Just for Fun
I like to create personalized sticker sheets to give to friends and family. I used to sell these stickers on my old Etsy site called DIY Paper Co. Now I just give them as gifts, because the return on investment wasn’t worth it with the amount of time I was spending! They’re fun to make every now and then as a side project, though.
How to Make Your Own
To create all of these sheets, you need to have a Silhouette Curio to create the “kiss cut” (when the blade cuts through the top sheet, not the bottom) on sticker paper. If you don’t have that, you can’t really make these. BUT I recently heard from a friend that you can rent a Curio from the library! The library really has so many great resources, and if you aren’t taking advantage then you’re missing out! Thank god Ben Franklin created them way back when! But I digress…
To start out, I first make the designs in Adobe Illustrator. I lay out the artboards in the paper size that I’m going to print them in. Generally I make the sheets about 8x5 or so, because it’s small enough to mail or hand out easily, and the Curio only prints 8.5x6 inches anyway. In Illustrator I create everything from the illustrations down to the glitter particles.
Next, I print the designs on sticker paper in a regular printer. I use semi-glossy sticker paper that I bought in bulk online (see image for my specific order). I don't have any particular tips when printing on the semi-glossy paper, other than making sure the color settings are very vibrant, and you have semi-glossy chosen as the paper type. Every printer will vary with settings, so this just takes some adjustments to get the best results.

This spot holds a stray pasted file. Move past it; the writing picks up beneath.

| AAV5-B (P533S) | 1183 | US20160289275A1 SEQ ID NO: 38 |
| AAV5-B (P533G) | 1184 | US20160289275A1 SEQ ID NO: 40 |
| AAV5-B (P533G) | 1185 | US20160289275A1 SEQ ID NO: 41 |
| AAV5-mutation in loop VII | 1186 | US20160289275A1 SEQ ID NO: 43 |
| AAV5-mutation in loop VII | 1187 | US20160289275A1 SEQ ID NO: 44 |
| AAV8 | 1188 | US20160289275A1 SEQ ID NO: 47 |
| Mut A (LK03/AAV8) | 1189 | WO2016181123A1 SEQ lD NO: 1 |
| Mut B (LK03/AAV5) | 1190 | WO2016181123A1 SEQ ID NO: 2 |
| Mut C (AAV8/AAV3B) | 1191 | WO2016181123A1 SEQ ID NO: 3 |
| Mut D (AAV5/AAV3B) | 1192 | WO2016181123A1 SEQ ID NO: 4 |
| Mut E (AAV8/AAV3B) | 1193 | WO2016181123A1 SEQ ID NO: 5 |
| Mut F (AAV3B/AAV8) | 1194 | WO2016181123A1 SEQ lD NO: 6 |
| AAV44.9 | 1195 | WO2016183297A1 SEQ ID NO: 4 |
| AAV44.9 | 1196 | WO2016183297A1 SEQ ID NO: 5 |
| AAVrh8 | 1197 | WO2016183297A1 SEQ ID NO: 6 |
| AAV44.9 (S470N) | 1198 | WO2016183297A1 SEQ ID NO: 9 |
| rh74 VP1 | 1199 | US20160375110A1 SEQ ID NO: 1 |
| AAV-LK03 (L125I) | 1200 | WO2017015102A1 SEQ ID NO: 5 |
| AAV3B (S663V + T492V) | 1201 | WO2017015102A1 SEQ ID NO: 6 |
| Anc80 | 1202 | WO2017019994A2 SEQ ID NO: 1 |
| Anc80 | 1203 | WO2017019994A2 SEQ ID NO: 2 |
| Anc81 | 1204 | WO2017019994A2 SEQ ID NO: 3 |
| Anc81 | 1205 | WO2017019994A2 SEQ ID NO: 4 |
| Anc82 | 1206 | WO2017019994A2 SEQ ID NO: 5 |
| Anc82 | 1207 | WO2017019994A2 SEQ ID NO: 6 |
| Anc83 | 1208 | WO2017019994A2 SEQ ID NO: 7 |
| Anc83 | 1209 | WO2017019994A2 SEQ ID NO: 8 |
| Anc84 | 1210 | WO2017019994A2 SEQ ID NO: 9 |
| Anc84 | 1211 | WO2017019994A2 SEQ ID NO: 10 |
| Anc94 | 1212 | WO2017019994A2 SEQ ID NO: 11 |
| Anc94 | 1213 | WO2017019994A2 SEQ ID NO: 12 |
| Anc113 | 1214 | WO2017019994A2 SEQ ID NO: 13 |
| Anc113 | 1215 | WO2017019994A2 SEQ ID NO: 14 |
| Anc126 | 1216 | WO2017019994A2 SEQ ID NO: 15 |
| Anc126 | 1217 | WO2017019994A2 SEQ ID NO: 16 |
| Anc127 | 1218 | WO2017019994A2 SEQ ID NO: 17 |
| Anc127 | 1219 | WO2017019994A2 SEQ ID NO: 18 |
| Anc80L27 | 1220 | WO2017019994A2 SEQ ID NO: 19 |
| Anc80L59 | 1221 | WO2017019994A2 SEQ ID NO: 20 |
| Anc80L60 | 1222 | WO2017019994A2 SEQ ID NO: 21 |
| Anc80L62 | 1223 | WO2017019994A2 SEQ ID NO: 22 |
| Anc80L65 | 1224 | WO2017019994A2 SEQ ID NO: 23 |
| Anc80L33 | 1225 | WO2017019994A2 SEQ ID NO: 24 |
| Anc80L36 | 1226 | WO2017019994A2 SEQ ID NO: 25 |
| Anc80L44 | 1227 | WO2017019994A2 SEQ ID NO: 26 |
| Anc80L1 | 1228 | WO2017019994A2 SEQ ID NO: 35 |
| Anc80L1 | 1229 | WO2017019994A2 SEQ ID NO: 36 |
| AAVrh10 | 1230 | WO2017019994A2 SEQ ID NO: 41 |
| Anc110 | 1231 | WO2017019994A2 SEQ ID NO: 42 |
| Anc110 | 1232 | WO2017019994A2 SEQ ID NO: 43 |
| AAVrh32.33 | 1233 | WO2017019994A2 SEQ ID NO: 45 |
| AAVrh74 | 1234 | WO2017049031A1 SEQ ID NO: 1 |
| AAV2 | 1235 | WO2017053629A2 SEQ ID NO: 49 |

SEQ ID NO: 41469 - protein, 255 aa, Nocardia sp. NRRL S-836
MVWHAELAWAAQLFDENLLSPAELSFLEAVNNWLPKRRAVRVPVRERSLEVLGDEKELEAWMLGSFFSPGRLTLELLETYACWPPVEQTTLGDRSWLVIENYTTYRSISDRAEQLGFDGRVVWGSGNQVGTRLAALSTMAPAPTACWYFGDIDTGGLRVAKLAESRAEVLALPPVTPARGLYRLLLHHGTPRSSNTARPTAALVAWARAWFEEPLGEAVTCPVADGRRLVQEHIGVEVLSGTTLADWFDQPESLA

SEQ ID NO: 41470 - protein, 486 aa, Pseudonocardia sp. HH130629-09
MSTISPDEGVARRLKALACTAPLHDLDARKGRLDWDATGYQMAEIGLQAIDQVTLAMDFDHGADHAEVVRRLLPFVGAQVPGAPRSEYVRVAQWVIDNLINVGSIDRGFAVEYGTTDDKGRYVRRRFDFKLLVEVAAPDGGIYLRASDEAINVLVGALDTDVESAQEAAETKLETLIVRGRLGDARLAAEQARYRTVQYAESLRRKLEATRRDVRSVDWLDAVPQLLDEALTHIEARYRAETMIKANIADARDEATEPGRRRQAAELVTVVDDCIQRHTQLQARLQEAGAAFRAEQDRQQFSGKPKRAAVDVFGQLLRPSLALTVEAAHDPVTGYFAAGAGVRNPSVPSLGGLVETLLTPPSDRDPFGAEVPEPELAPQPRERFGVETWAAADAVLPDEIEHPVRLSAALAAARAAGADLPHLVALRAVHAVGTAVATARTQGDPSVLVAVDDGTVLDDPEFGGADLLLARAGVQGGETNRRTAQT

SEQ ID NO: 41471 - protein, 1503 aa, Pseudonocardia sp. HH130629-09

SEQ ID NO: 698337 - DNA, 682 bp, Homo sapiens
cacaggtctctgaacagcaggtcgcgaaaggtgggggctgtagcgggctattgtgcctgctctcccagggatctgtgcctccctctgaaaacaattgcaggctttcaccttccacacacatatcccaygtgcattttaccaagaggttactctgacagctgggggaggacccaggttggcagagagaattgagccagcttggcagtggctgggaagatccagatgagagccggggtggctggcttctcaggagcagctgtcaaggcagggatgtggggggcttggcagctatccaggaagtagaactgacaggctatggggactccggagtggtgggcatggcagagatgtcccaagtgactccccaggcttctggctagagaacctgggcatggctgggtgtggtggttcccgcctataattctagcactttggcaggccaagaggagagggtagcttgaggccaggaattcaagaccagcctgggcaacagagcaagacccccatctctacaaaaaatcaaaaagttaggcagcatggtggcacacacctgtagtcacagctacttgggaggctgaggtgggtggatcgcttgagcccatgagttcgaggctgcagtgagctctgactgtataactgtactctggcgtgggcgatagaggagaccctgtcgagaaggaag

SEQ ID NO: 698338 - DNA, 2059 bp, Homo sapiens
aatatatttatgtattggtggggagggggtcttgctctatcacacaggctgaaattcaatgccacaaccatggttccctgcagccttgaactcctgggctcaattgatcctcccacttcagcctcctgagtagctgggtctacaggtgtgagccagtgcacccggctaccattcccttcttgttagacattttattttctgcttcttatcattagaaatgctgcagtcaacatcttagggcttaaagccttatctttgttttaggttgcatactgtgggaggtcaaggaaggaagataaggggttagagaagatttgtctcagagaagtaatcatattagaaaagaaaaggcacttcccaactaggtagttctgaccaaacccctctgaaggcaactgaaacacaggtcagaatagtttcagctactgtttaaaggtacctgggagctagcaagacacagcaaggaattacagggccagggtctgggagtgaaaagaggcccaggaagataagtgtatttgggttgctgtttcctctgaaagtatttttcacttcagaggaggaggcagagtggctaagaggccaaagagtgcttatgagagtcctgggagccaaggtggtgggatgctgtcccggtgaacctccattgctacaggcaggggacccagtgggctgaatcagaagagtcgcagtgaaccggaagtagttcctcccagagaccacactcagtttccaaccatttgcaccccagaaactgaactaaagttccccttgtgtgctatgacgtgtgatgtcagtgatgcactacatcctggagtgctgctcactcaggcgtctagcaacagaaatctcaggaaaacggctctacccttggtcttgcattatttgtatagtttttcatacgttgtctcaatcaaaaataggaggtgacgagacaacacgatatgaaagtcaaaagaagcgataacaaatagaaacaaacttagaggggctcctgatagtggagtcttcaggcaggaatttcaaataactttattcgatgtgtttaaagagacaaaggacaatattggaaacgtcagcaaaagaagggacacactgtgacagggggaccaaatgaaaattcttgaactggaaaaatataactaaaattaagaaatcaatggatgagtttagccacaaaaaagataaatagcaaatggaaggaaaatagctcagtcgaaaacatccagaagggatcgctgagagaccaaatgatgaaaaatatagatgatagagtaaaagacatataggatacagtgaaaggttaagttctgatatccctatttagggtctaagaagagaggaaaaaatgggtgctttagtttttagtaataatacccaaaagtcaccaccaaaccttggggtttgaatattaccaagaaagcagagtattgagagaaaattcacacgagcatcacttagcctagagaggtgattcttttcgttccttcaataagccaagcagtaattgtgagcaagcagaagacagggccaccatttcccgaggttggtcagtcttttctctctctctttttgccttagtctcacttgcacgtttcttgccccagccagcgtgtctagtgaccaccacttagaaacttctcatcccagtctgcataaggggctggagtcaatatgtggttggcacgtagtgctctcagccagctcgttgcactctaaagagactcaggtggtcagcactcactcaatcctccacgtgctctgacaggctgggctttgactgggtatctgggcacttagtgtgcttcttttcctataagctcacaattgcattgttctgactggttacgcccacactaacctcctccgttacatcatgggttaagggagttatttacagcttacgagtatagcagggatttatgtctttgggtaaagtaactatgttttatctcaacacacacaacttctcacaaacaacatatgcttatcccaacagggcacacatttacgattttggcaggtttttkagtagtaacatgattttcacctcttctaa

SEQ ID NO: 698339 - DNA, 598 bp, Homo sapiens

Once the designs are printed on the sticker paper, they’re ready to be kiss cut instead of being one whole sticker sheet. This is by far the trickiest step and takes a lot of trial and error. In order to give the stickers some white space around each design, I copy each sticker and expand it by 1/4 inch or so to give it a border (still in Ai). This will be where the Curio cuts around the sticker. Next, I make an artboard with ONLY these lines, not the sticker art, and export this as a transparent png.
I open this file in the Silhouette software, and select these lines as the parts I want to cut. The settings can be tricky, but I usually use the cardstock setting at the slowest cutting speed. The slow cut speed helps prevent tears to occur around delicate turns. Make sure you have a fresh blade and that the sticky part of the Curio mat is sticky enough that your paper won’t be moving during the cutting process. I place my printed sticker sheet on the mat, and slide the mat in. After all of the settings are configured properly, I’ll cut out a test sheet. If the test sheet shows the cuts in the right places directly around each sticker, I’ll move on to create a batch of 5 or so sheets.
The resulting sheets have a perfectly-cut border. The nice thing about this project is that stickers are a very customizable gift. I made sticker sheets for St. Patrick's Day, Valentine's Day, planners, and all other kinds of themed designs. They're a bit time-consuming to make, but once you have the files made in the first place, you can re-print and cut as many as you'd like.
If you need any additional help, there are lots of resources available on Youtube that go through the Silhouette cutting process step-by-step. Here’s an example: https://www.youtube.com/watch?v=0rgWBs2lQ5k.